From SIIT to HIIT... gym-speak ex­plained

The Sunday Telegraph (Sydney) - Body and Soul - - FRONT PAGE -

Just when you got your head around the fact that LOL means “laugh out loud” not “lots of love”, TBH is “to be hon­est” and PAW stands for “par­ents are watch­ing”, it seems short­hand has now in­fil­trated the ex­er­cise world, too. And if some of the acronyms leave you SYH ( scratch­ing your head) – OK, we may have made that up – rest as­sured you’re not alone. Here, we de­code the most com­mon terms you’re likely to hear at the gym.

HIIT High In­ten­sity In­ter­val Train­ing

Put sim­ply, this means go­ing hard for short bursts with a small pe­riod of rest in be­tween each. It’s a solid fat burner and will give you a healthy help­ing of feel-good en­dor­phins. HOW TO USE IT IN A SEN­TENCE: “On Mon­days I do weights, Tues­days is stretch­ing and Wed­nes­days I do HIIT.”

SIIT Sub­max­i­mal In­ten­sity In­ter­val Train­ing

SIIT is ba­si­cally for those who aren’t fans of HIIT. So you might do in­ter­vals of one minute work­ing out, then one minute rest and re­peat for 10 min­utes or so. But in­stead of go­ing at 100 per cent, which you do in HIIT, you go at about 60 per cent. The idea is that pump­ing at a bit less than your max still burns fat, but with less pain.

HOW TO USE IT IN A SEN­TENCE: “I don’t feel up to HIIT to­day, I’ll just do SIIT.”

LISS Low In­ten­sity Steady State

We’re talk­ing the mod­er­ately el­e­vated heart rate that comes with an ex­tended walk or jog – the main point be­ing that it’s re­laxed enough to sus­tain a nor­mal con­ver­sa­tion. In other words, the idea is that you should still be able to dis­sect the Game of Thrones finale through­out.

HOW TO USE IT IN A SEN­TENCE: “Even though I had a cou­ple of glasses of chardy last night, I reckon I could still man­age some LISS this af­ter­noon.”

EMOM Every Minute On the Minute

Thank good­ness this is not the name of a blog that yet an­other of your friends has started about her spir­i­tual jour­ney – Eat, Pray, Keep It To Your­self. Rather, it’s of­ten used in boot­camp or group ex­er­cise sce­nar­ios and is dic­tated by a stop­watch with a sec­ond hand. The idea is that you have to com­plete a cer­tain num­ber of, say, sprints in 60 sec­onds. Do so in 40 sec­onds, for ex­am­ple, and you can rest for the re­main­ing 20 sec­onds before the cy­cle be­gins again. Closely re­lated to the EMOM is the AMRAP (As Many Rounds/ Reps As Pos­si­ble) where a cir­cuit – as op­posed to a sin­gle ex­er­cise – is com­pleted within a given time frame and then re­peated un­til the clock runs out.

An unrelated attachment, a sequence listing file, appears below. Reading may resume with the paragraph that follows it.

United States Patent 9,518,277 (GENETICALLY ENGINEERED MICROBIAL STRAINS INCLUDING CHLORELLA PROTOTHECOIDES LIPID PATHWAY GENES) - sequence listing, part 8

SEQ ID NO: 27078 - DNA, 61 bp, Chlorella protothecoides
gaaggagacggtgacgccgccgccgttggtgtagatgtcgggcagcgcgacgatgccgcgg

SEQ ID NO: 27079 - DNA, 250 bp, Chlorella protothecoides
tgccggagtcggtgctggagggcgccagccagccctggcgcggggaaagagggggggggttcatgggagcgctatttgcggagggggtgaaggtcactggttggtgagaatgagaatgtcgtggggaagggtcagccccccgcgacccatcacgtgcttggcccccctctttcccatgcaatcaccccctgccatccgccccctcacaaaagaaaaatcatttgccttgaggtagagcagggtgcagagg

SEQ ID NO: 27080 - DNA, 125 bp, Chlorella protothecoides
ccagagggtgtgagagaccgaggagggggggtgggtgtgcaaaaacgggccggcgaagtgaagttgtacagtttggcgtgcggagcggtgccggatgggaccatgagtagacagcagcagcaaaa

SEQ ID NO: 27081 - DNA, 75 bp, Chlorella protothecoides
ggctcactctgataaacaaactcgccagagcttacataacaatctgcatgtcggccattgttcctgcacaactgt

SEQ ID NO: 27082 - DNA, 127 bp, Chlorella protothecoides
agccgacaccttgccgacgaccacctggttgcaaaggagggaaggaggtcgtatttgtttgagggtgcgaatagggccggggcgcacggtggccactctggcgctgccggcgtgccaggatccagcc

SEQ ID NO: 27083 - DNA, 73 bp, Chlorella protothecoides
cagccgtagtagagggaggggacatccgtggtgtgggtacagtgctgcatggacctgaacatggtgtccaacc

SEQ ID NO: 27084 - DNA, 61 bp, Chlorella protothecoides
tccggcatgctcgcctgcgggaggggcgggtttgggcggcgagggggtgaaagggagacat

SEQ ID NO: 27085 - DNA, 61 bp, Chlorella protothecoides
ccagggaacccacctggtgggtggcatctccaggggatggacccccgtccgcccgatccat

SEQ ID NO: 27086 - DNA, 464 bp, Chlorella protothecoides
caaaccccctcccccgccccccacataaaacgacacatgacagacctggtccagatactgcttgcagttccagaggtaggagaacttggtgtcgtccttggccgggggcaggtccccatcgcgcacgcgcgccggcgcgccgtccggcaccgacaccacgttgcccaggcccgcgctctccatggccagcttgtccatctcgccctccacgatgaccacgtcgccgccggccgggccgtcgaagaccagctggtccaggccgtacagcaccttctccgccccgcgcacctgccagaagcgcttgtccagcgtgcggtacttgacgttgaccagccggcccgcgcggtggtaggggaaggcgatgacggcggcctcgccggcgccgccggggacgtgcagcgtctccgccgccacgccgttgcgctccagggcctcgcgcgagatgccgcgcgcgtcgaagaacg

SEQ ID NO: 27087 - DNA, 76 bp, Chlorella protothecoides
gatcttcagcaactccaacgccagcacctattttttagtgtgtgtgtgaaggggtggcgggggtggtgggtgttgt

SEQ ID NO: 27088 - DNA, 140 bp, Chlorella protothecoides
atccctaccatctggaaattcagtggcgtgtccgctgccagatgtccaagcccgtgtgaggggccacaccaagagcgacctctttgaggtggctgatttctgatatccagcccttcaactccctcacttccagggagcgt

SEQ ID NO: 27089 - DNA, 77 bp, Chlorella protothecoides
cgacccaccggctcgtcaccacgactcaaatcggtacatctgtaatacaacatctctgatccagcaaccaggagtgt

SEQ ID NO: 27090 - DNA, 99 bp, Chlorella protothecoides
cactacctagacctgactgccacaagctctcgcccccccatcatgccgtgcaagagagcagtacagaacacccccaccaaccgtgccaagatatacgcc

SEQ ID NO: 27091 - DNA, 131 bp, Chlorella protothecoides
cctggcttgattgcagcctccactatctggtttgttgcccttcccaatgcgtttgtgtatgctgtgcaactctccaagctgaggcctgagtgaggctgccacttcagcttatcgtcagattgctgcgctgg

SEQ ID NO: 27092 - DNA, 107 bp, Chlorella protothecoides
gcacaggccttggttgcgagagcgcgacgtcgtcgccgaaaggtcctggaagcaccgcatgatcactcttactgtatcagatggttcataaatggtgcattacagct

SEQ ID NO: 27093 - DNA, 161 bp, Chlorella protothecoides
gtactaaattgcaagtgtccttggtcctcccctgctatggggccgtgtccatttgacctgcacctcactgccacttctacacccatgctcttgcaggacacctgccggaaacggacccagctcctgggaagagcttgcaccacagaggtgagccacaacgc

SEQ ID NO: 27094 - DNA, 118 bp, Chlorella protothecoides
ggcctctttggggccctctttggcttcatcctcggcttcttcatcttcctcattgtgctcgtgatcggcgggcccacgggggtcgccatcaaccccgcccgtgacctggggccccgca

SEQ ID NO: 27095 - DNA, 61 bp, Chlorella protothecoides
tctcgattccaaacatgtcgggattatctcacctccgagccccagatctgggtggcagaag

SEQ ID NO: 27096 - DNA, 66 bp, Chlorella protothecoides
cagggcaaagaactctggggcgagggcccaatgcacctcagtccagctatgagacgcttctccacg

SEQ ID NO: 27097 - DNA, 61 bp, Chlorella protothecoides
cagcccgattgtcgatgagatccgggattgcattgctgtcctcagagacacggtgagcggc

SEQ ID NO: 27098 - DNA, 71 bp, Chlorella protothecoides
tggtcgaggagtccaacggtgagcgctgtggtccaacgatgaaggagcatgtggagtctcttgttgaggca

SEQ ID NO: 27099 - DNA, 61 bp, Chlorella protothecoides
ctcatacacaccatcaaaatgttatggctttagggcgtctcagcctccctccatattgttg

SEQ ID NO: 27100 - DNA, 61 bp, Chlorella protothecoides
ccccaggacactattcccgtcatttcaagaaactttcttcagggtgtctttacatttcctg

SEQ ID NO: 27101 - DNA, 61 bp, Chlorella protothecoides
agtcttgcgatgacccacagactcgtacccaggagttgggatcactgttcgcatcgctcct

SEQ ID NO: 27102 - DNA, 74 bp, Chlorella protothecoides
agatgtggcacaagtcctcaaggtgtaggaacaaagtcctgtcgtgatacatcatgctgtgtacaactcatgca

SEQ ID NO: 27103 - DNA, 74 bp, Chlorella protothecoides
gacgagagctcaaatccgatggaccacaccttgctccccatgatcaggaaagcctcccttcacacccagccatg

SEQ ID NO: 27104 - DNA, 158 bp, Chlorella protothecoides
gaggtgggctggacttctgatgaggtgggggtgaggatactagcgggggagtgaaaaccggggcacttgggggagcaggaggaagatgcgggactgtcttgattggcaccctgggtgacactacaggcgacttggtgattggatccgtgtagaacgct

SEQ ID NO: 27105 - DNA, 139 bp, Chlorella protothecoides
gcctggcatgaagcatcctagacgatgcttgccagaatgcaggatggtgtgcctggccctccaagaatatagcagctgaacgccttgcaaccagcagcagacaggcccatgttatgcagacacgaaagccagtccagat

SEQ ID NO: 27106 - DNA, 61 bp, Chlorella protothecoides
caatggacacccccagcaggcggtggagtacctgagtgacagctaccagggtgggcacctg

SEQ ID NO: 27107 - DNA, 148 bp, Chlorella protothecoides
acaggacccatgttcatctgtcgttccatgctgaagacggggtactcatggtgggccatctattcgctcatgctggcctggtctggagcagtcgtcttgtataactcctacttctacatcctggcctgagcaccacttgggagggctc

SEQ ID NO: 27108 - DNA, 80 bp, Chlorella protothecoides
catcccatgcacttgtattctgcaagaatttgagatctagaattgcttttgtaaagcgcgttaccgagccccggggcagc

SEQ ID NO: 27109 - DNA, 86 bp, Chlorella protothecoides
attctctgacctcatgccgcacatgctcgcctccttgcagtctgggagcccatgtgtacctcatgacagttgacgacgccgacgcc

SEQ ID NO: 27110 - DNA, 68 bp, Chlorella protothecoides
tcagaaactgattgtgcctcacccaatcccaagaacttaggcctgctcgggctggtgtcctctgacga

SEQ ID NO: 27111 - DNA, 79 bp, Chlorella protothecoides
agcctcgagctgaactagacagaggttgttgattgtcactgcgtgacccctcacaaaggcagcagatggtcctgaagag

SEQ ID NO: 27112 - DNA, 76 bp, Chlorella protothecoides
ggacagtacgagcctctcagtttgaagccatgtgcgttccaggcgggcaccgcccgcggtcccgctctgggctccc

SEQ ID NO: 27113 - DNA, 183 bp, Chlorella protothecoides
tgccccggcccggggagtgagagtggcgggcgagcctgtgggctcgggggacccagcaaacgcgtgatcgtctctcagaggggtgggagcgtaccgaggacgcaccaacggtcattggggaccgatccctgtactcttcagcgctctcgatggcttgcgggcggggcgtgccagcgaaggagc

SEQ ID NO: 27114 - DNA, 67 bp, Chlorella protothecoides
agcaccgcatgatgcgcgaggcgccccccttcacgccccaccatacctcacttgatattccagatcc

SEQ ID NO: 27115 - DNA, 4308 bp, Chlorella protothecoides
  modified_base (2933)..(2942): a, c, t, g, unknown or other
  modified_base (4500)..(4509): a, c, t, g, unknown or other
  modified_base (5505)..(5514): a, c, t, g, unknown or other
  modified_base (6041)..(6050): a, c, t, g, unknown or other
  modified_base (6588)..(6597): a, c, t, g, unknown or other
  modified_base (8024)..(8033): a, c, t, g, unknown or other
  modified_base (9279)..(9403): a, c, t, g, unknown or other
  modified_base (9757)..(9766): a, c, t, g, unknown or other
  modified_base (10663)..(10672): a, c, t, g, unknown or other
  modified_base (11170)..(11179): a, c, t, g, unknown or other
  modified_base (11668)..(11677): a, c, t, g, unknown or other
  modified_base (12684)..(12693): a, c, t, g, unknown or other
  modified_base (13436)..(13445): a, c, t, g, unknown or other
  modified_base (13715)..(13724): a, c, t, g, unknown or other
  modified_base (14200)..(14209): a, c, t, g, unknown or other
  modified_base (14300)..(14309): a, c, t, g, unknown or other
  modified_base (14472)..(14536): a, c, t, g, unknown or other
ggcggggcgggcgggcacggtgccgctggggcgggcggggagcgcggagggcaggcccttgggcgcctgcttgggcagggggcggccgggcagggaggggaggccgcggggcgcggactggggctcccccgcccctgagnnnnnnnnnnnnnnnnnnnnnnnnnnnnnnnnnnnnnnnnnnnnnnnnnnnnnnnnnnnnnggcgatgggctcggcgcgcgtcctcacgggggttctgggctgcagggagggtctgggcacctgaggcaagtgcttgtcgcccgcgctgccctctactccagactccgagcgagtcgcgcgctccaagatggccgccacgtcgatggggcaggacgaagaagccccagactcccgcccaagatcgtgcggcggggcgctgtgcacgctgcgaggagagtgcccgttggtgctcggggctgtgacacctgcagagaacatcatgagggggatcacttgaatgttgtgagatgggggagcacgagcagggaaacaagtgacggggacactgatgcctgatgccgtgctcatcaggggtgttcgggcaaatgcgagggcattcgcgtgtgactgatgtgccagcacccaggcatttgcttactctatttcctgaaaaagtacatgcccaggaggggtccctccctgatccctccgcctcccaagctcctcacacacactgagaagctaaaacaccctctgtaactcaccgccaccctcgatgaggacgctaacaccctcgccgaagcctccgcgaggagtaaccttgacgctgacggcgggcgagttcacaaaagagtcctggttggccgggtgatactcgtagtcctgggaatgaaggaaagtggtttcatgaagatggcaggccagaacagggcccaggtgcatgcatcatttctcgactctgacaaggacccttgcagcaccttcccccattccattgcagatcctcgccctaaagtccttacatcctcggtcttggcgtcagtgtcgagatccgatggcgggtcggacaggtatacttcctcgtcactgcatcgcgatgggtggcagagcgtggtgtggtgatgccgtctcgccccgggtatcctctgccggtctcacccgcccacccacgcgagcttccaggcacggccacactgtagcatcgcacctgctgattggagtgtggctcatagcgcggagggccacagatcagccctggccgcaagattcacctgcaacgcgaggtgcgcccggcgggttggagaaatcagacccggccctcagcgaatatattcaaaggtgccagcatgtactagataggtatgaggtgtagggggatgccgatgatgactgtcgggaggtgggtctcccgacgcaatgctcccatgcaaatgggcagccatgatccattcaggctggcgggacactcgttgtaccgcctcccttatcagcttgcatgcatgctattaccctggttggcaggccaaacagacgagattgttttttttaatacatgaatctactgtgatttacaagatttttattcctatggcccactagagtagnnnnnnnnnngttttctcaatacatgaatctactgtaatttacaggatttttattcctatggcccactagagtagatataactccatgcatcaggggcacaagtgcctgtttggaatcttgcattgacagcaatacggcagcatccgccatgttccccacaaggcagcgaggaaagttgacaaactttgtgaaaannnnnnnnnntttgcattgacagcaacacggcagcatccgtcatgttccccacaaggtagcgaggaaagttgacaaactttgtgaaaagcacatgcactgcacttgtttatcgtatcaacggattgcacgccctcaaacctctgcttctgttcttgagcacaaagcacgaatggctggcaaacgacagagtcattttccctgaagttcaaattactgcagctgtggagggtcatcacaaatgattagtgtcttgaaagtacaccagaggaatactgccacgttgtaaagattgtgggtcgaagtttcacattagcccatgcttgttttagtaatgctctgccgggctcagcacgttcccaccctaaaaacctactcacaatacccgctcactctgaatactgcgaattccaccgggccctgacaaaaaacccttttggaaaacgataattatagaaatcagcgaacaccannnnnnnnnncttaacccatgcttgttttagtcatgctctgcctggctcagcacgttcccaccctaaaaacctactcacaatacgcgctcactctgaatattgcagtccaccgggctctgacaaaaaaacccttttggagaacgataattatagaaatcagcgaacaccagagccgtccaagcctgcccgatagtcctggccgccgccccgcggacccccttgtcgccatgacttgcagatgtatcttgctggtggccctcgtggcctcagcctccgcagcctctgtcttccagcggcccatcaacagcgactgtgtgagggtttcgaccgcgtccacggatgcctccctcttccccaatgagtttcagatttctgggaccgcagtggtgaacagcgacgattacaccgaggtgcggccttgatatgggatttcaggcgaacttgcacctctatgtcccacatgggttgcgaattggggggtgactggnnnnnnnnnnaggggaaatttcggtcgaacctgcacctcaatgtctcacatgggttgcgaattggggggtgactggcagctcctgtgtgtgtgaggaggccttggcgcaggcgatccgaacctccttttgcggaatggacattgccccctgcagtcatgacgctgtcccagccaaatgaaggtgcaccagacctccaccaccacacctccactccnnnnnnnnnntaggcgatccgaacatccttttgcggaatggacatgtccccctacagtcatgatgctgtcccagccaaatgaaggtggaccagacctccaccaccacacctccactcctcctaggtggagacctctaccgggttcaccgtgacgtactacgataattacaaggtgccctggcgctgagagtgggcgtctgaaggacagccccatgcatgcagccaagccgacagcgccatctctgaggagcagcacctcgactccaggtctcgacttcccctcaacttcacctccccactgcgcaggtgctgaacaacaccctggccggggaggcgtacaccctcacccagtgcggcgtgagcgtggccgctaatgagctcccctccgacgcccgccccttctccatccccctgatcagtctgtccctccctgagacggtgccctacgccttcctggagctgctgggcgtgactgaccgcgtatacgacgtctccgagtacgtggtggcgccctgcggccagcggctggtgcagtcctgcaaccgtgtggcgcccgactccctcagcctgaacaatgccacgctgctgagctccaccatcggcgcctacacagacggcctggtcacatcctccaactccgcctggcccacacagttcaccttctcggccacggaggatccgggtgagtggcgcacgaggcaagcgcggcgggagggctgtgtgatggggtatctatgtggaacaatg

HOW TO USE IT IN A SEN­TENCE: “If you only have a short time to train to­day, you re­ally can’t beat an EMOM ses­sion.”

IGYG I Go You Go

You’ve prob­a­bly read many times about the value of hav­ing a work­out buddy in terms of ac­count­abil­ity, mo­ti­va­tion and some­one to go Lorna Jane shop­ping with. This term is pur­pose-built for two and de­notes a shared pat­tern of rest and ex­er­tion. This is how it works: two peo­ple start at the same point, one runs to a set dis­tance and back, at which point the other per­son does ex­actly the same thing. In this al­ter­nat­ing and re­peat­ing pat­tern – which works well with any strength ex­er­cises too – one per­son is in mo­tion while the other rests and breathes in the big ones.

HOW TO USE IT IN A SEN­TENCE: “What kind of work­out do we feel like do­ing to­day? AMRAP or IGYG?”

DOMS De­layed On­set Mus­cle Sore­ness

This is short­hand for the pain and dis­com­fort one feels af­ter a par­tic­u­larly gru­elling work­out ses­sion or af­ter not train­ing for some time. We’re talk­ing Prince Charles-lev­els of stiff­ness. The ironic thing is, the pain should be eased by more gen­tle ex­er­cise and stretch­ing.

HOW TO USE IT IN A SEN­TENCE: “I worked out for the first time in months and now I’ve got ma­jor DOMS.”

RPE Rate of Per­ceived Ex­er­tion

PTs – as per­sonal train­ers love to be known – love this one. And we must ad­mit it’s pretty handy as it gives you a guide to the in­ten­sity you should be train­ing at on a scale from one to 10. Yes, the same thing can be achieved with per­cent­ages but when you’re puffed and strug­gling for breath, you’ll be grate­ful for the one less syl­la­ble that comes with say­ing “six” in­stead of “60”.

HOW TO USE IT IN A SEN­TENCE: “My PT wanted me work­ing at an RPE of seven but I told her I could smash eight.”

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